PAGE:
After a bruising 2008 the MarketGrader Indexes returned to form in 2009, posting all-around strong results relative to their benchmarks and to actively managed fund averages. To those of you not familiar with our indexes here’s a brief history:
MarketGrader published its original index, the MarketGrader 40, in 2003 concurrently with our new research web site, the first MarketGrader.com. The index was launched as a model portfolio in order to show the site’s visitors and potential subscribers how effective MarketGrader’s research could be when applied to their investment process in the context of a well diversified, disciplined stock portfolio. We therefore designed a series of index rules to ensure the index maintained such discipline and structure. First, we weighted all components equally and based their selection on their overall MarketGrader grade, essentially making it a “merit-based” index. Second, we ensured no more than 30% of the stocks in it belonged to the same sector and no more than 15% to the same sub-industry. Third, we also applied market cap filter rules to make sure no more than ten stocks (25%) were small caps and that at least ten were large caps. Finally, and perhaps most importantly, we planned a rebalance schedule that requires that the portfolio be reconstituted once a quarter on the back end of every earnings season. This, which inevitably leads to a relatively significant component turnover, was not done in order to make it a “trading” index designed to chase hot stocks or market trends but to apply the sort of discipline many investors lack. By reconstituting the index quarterly we developed a mechanism by which investors could take gains off the table after any given stock had had a nice run (even if the index re-selected the stock it would cut it back to an equal weight to match all other selections,) drop losing positions unemotionally and to ensure the index always had the best underlying fundamental quality possible.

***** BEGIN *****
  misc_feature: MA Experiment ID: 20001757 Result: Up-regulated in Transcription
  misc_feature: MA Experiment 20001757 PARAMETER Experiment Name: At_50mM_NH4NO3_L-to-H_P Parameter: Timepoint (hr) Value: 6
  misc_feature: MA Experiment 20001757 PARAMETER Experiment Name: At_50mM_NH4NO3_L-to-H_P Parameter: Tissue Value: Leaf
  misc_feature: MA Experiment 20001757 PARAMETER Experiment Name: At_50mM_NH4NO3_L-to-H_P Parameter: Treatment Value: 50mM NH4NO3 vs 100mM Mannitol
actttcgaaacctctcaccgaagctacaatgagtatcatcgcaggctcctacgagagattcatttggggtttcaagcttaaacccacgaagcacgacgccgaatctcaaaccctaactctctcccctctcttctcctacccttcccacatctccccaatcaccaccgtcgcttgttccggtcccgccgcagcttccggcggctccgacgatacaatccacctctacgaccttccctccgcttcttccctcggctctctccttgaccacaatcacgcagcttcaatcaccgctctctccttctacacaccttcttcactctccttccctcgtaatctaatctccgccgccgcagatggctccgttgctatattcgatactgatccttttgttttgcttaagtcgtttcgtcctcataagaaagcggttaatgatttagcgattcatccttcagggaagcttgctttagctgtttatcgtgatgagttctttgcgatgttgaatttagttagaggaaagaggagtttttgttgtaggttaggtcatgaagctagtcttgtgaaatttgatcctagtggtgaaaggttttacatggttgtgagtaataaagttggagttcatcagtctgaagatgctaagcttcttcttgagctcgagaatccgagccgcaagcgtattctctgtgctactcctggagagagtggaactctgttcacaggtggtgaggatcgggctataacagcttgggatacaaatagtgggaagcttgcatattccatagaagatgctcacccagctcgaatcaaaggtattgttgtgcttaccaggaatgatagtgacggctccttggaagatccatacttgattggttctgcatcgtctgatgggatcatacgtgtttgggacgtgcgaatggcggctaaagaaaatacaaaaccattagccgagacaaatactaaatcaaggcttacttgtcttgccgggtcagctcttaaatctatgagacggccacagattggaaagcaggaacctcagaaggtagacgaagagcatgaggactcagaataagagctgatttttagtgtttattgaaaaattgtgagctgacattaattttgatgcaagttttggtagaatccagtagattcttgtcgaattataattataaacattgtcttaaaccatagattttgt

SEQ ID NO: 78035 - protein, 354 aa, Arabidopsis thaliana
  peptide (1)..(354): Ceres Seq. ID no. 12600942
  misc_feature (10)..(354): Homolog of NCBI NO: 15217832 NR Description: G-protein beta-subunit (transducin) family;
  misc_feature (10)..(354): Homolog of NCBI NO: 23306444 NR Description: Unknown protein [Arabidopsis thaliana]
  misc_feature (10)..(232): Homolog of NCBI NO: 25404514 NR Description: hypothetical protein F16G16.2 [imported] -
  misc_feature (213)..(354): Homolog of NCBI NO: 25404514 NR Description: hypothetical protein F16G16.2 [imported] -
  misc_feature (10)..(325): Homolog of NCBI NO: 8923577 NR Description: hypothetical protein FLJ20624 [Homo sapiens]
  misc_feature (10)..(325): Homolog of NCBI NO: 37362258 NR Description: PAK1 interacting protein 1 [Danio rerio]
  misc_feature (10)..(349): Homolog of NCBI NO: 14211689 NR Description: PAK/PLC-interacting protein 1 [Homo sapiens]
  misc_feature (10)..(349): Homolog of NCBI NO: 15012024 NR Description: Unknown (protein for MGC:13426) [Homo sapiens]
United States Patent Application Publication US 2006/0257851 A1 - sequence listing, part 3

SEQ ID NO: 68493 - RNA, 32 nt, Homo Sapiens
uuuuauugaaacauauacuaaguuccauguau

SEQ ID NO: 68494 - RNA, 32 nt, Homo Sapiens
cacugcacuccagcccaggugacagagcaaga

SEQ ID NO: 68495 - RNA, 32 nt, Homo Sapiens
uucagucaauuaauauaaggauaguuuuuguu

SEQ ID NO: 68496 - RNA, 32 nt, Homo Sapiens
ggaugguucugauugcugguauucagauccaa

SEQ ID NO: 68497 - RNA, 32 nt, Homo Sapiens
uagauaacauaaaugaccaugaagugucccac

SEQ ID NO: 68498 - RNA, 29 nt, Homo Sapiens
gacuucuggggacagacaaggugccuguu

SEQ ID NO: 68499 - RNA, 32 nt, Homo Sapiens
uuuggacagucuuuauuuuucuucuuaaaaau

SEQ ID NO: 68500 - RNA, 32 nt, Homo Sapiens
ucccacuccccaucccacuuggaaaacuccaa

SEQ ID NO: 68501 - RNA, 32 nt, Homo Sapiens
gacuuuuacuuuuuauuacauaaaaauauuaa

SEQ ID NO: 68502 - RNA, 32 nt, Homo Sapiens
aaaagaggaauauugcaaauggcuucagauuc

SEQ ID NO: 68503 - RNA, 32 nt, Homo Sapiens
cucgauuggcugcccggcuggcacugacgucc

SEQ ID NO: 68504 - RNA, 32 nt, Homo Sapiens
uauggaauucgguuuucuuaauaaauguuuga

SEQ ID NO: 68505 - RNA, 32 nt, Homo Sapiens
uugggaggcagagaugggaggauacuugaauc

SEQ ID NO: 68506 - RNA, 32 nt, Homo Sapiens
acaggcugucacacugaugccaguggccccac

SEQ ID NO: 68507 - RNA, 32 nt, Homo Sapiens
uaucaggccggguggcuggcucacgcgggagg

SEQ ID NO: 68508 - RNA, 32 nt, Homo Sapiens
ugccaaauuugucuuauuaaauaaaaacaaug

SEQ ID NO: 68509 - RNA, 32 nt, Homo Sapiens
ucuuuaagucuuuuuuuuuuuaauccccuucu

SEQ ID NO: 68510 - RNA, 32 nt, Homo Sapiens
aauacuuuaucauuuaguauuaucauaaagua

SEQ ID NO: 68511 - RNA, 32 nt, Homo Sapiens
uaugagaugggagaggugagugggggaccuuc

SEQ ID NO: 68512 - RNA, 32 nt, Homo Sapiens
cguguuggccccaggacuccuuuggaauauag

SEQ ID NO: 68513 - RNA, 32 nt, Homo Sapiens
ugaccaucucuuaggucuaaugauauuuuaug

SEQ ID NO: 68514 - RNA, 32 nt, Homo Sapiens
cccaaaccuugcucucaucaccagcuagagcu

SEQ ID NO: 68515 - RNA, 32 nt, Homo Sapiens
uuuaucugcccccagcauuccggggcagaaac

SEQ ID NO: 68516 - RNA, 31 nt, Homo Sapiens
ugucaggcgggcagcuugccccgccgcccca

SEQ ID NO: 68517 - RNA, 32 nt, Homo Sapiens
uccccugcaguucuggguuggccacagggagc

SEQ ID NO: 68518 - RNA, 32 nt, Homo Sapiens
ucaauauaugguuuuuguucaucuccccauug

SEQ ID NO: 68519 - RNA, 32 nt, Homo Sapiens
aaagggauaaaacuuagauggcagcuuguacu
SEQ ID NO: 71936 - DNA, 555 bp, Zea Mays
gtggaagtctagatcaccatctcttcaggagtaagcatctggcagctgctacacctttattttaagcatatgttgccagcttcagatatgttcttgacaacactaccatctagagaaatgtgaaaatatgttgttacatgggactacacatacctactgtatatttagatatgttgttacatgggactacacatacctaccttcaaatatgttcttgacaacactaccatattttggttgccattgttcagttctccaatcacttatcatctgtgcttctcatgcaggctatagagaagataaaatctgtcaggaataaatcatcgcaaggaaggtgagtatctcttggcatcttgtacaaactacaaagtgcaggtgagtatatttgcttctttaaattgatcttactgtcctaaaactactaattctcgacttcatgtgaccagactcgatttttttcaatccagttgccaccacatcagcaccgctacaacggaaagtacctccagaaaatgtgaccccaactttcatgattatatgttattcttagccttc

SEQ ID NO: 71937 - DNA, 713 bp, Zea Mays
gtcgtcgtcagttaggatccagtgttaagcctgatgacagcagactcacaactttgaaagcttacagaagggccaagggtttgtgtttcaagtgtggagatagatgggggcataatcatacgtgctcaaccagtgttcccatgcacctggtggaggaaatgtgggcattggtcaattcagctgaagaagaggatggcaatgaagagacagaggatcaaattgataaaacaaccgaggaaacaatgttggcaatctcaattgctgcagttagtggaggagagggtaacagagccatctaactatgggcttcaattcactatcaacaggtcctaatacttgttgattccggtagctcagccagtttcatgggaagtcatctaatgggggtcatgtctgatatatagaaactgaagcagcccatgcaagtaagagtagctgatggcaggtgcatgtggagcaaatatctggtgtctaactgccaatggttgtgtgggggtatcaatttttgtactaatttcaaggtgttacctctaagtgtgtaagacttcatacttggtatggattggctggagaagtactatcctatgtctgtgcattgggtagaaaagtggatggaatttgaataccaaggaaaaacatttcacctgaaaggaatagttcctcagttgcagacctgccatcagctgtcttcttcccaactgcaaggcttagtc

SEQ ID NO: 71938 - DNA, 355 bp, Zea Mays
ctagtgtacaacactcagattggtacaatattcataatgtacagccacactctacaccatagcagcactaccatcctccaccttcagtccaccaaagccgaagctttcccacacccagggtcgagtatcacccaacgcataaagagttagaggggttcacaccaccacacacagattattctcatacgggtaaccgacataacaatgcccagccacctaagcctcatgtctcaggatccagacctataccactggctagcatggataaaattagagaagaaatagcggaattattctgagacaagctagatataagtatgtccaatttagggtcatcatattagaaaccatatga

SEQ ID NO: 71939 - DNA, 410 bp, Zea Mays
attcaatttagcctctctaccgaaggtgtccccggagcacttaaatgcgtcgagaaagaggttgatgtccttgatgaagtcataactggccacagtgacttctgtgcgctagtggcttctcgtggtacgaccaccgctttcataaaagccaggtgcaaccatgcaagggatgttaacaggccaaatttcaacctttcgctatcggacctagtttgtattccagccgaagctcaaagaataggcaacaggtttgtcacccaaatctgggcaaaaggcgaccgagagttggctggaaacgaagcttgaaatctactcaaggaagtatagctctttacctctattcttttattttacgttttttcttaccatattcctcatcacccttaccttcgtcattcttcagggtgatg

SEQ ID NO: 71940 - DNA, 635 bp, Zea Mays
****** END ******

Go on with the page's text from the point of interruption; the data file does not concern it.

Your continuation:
MG 40 ended 2003 with a 76.9% return for the year compared to 26.4% for the S&P 500 index and 50.0% for the Nasdaq Composite (all price-only returns.) The index would then go on to be licensed in Europe and the U.S. as the basis for several investment products. This will be discussed in more detail in future columns. In the ensuing years, between 2003 and 2007 MarketGrader built the rest of its index family using the same basic methodology as MG 40. Today we publish 14 indexes that include three Core, three Market Cap and eight Sector indexes.
In September 2007 Barron’s launched the Barron’s 400 Index, which is based on MarketGrader’s research methodology and shares the same attributes as MG 40 and our other Core indexes. MarketGrader, Dow Jones Indexes and Barron’s jointly built the Barron’s 400 Index. You may expect to see regular write-ups about our indexes in the future in this column.
Back to 2009’s index results it is worth mentioning that for the full year the MarketGrader 100 index was the top performer among our Core indexes, up 41.0% for the year, beating the S&P 500 Index’s 23.5% by almost 18 percentage points. Perhaps more impressive was the Barron’s 400 full year return of 39.1%, remarkable for an index four times the size of MG 100. When looking at the last five years, on an annualized basis, MG 100 has returned (price-only) 2.53%, the Barron’s 400 1.70% and the S&P 500 -1.65%. The average five-year annualized return of all domestic mutual funds in the Multicap Core category as reported by The Wall Street Journal was 0.86%. Among our Market Cap indexes the year’s best performer was MarketGrader Mid Cap, up 38.3% to the S&P 400 Index’s 35.0%. Yet in that category the five-year leader is MarketGrader Large Cap with an annualized return of 2.77%, significantly higher than the 0.45% average gain of all mutual funds in the Large Cap category tracked by The Wall Street Journal. Among our Sector indexes MarketGrader Technology, a perennial out performer, gained 66.6%, besting the S&P 1500 Information Technology ‘s 59.4%. And while MarketGrader Financials’ 9.9% gain trailed both the S&P 500 Financials’ 14.8% and the S&P 1500 Financials’ 12.7%, this can be explained by virtue of the fact that the MarketGrader index never owned any of the names that led the sector’s decline in the financial crisis of 2007-2009 such as Fannie, Freddie, Citi or AIG. It therefore didn’t get the big bounce many of those names got after the March 2009 bottom. On the other hand, MG Financials fell by 35.2% in 2008 compared to 57.0% and 54.0% for the S&P 500 Financials and the S&P 1500 Financials indexes respectively.
Please click on the link below for our complete 2009 report card or visit the MG Indexes section of MarketGrader.com for more information on our indexes.